The Sigmund Freud Antiquities: Fragments from a Buried Past

April 19–June 17, 1990

Psychoanalyst Sigmund Freud spent a lifetime amassing a collection of antiquities, namely vases, fragments of sculpture, and figurines. He repeatedly compared archaeology to the study of the human psyche, which according to his method, had to be excavated layer by layer until the deepest and most trenchant elements were unearthed and reconstituted as subjects of examination.

His collection remained dear to him throughout his life, and when he fled Vienna at the onset of World War II, he managed to have the entire collection spirited away to his home in exile in London. A favorite of his pieces was a figurine of Athena, though without her typical attributes of the spear and aegis – a shield with the snaky-haired head of the gorgon, Medusa on it. The decapitated head of Medusa symbolized castration, though the fearsome act was mitigated by the appearance of the snakes, symbols of and replacements for the lost phalluses. Devoid of these empowering attributes, the statuette represents Freud’s determination to understand female sexuality as secondary to normative male sexuality.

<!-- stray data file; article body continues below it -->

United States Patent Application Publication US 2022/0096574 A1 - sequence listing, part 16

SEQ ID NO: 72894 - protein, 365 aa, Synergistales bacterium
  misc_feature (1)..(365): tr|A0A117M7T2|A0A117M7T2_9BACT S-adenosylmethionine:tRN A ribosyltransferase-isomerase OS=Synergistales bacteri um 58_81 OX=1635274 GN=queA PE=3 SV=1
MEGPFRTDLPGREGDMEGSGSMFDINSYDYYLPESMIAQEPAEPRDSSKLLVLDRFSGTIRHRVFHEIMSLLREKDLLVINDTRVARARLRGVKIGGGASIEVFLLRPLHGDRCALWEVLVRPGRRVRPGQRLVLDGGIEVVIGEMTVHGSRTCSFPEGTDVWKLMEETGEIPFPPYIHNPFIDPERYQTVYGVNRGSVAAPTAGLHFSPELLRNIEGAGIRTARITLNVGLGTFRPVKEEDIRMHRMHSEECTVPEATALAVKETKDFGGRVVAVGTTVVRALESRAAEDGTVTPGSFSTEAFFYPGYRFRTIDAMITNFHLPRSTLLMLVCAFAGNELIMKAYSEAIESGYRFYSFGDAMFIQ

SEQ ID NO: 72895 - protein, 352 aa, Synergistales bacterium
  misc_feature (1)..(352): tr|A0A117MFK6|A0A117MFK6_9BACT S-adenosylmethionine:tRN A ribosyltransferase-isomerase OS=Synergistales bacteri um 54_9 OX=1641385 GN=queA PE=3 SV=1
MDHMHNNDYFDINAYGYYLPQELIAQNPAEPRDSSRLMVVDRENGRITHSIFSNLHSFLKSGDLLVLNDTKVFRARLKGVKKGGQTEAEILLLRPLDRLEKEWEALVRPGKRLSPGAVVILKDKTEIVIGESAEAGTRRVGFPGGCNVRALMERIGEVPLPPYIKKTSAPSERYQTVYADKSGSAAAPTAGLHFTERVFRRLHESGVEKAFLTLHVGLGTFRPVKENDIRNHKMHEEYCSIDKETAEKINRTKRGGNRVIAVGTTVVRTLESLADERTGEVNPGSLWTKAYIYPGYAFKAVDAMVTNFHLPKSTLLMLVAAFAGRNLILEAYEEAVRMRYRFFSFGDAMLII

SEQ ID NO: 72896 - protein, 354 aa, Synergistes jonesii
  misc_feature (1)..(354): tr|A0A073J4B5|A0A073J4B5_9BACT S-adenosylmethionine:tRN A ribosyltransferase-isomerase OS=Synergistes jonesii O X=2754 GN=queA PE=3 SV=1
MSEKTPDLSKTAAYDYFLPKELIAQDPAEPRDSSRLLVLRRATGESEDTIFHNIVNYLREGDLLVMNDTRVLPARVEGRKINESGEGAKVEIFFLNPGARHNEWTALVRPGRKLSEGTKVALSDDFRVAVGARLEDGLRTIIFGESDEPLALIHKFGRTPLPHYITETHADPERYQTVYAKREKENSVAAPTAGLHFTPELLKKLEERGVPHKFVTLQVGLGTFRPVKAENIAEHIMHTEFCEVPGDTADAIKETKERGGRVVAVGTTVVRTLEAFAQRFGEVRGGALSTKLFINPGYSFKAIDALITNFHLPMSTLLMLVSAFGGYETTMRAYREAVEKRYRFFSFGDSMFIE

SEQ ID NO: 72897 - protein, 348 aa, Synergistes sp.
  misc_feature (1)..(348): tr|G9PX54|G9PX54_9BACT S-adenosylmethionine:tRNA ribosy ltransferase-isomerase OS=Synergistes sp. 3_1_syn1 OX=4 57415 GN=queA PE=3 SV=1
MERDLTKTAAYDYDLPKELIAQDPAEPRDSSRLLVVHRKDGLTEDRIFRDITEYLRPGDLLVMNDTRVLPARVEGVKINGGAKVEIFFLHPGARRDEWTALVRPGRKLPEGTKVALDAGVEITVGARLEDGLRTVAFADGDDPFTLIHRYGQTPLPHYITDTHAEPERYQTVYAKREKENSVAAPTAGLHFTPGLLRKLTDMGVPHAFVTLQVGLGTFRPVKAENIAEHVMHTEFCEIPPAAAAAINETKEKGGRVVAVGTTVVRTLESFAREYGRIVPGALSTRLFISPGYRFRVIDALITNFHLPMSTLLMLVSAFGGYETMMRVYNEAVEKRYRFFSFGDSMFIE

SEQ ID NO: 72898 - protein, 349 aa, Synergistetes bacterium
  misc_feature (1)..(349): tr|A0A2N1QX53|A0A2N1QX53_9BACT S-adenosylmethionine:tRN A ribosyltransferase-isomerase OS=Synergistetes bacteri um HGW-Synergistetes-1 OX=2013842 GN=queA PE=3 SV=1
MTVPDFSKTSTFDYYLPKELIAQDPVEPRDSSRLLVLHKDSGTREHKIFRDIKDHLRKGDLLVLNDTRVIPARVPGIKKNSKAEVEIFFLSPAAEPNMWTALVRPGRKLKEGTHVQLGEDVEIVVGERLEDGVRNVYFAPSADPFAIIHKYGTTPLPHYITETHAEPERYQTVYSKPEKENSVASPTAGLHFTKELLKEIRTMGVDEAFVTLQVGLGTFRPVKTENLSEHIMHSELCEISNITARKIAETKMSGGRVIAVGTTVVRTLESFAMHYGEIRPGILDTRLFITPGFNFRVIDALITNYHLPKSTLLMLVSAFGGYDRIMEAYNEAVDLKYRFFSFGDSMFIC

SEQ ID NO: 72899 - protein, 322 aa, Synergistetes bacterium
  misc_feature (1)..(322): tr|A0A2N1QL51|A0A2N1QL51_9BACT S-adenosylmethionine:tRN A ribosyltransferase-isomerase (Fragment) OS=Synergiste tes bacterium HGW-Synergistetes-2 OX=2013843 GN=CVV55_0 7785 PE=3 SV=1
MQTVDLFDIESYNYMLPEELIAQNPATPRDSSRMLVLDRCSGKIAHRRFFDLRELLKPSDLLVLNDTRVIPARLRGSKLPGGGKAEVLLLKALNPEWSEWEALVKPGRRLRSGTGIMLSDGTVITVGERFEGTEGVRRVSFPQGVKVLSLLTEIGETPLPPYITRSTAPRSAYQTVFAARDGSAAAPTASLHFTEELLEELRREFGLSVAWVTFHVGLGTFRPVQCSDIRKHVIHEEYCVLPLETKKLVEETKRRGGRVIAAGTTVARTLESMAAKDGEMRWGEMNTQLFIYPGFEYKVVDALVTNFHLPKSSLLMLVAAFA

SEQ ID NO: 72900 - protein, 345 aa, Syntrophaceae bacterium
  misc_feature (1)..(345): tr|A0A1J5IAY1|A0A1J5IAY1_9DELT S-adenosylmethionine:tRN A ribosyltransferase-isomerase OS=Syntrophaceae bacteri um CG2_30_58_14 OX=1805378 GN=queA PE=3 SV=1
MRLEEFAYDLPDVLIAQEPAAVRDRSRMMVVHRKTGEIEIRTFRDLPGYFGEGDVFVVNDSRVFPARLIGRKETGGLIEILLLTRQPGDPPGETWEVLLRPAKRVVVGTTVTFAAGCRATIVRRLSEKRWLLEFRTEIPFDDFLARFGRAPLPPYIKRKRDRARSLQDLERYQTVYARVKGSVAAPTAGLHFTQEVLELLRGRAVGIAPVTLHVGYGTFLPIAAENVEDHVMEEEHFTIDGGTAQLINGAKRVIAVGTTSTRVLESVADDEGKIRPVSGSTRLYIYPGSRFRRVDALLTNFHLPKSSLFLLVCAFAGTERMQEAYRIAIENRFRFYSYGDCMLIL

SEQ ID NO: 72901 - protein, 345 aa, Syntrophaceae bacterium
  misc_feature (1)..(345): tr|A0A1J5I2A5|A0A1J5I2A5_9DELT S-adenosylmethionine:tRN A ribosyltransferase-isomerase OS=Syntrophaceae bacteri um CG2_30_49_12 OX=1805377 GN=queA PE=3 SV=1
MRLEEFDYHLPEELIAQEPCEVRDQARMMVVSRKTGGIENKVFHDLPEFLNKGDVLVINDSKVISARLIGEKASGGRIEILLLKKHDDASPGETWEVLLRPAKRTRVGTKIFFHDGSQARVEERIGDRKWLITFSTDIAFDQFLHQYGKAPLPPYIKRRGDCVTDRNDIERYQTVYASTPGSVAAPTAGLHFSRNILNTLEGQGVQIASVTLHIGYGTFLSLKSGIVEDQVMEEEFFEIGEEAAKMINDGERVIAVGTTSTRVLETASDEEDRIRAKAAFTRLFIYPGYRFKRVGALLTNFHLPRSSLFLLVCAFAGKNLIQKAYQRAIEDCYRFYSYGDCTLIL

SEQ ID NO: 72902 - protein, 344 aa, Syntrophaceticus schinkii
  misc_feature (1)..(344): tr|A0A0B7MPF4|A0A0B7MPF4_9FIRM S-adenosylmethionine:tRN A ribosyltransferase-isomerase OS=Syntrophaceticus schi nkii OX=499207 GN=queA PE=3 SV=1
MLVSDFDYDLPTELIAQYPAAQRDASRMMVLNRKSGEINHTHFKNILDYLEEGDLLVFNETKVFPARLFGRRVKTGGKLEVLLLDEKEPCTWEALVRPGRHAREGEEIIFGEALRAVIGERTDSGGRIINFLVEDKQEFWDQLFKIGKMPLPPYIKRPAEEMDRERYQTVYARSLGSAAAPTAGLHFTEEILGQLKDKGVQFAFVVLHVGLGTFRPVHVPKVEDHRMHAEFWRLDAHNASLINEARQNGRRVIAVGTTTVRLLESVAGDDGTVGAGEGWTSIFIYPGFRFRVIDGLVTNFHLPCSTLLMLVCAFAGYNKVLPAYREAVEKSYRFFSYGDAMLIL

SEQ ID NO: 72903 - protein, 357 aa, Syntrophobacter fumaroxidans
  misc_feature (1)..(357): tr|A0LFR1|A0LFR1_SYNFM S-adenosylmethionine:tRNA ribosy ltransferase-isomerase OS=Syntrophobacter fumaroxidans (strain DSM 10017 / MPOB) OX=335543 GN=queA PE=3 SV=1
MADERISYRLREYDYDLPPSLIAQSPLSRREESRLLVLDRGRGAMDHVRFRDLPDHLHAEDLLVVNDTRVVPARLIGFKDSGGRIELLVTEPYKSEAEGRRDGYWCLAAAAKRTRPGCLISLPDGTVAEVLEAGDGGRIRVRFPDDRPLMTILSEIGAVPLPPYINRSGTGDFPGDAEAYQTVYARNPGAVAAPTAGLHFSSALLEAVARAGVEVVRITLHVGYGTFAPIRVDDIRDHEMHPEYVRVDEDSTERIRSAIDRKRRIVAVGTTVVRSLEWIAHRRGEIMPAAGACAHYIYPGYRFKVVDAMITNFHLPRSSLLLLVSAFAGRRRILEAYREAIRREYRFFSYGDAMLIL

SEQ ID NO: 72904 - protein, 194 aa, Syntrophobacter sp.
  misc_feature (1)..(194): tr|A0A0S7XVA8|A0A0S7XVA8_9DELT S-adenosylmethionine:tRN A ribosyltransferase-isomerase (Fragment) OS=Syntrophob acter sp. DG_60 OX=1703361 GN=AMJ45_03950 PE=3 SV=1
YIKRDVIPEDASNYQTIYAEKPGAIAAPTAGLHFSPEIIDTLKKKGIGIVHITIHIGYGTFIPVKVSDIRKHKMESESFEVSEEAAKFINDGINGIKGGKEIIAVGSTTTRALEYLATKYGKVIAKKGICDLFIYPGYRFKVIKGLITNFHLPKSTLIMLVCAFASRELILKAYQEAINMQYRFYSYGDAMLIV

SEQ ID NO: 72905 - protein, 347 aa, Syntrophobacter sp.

The Smart Museum held a symposium in conjunction with the exhibition, which featured lecturers from around the country.

Curator: The exhibition was organized by the State University of New York at Binghamton in conjunction with the Freud Museum, London.

The exhibition was sponsored by grants from CIBA-GEIGY Pharmaceuticals and the National Endowment for the Arts. Additional funding for the Chicago showing of the exhibition was received from the Illinois Arts Council, and the Institute of Museum Services.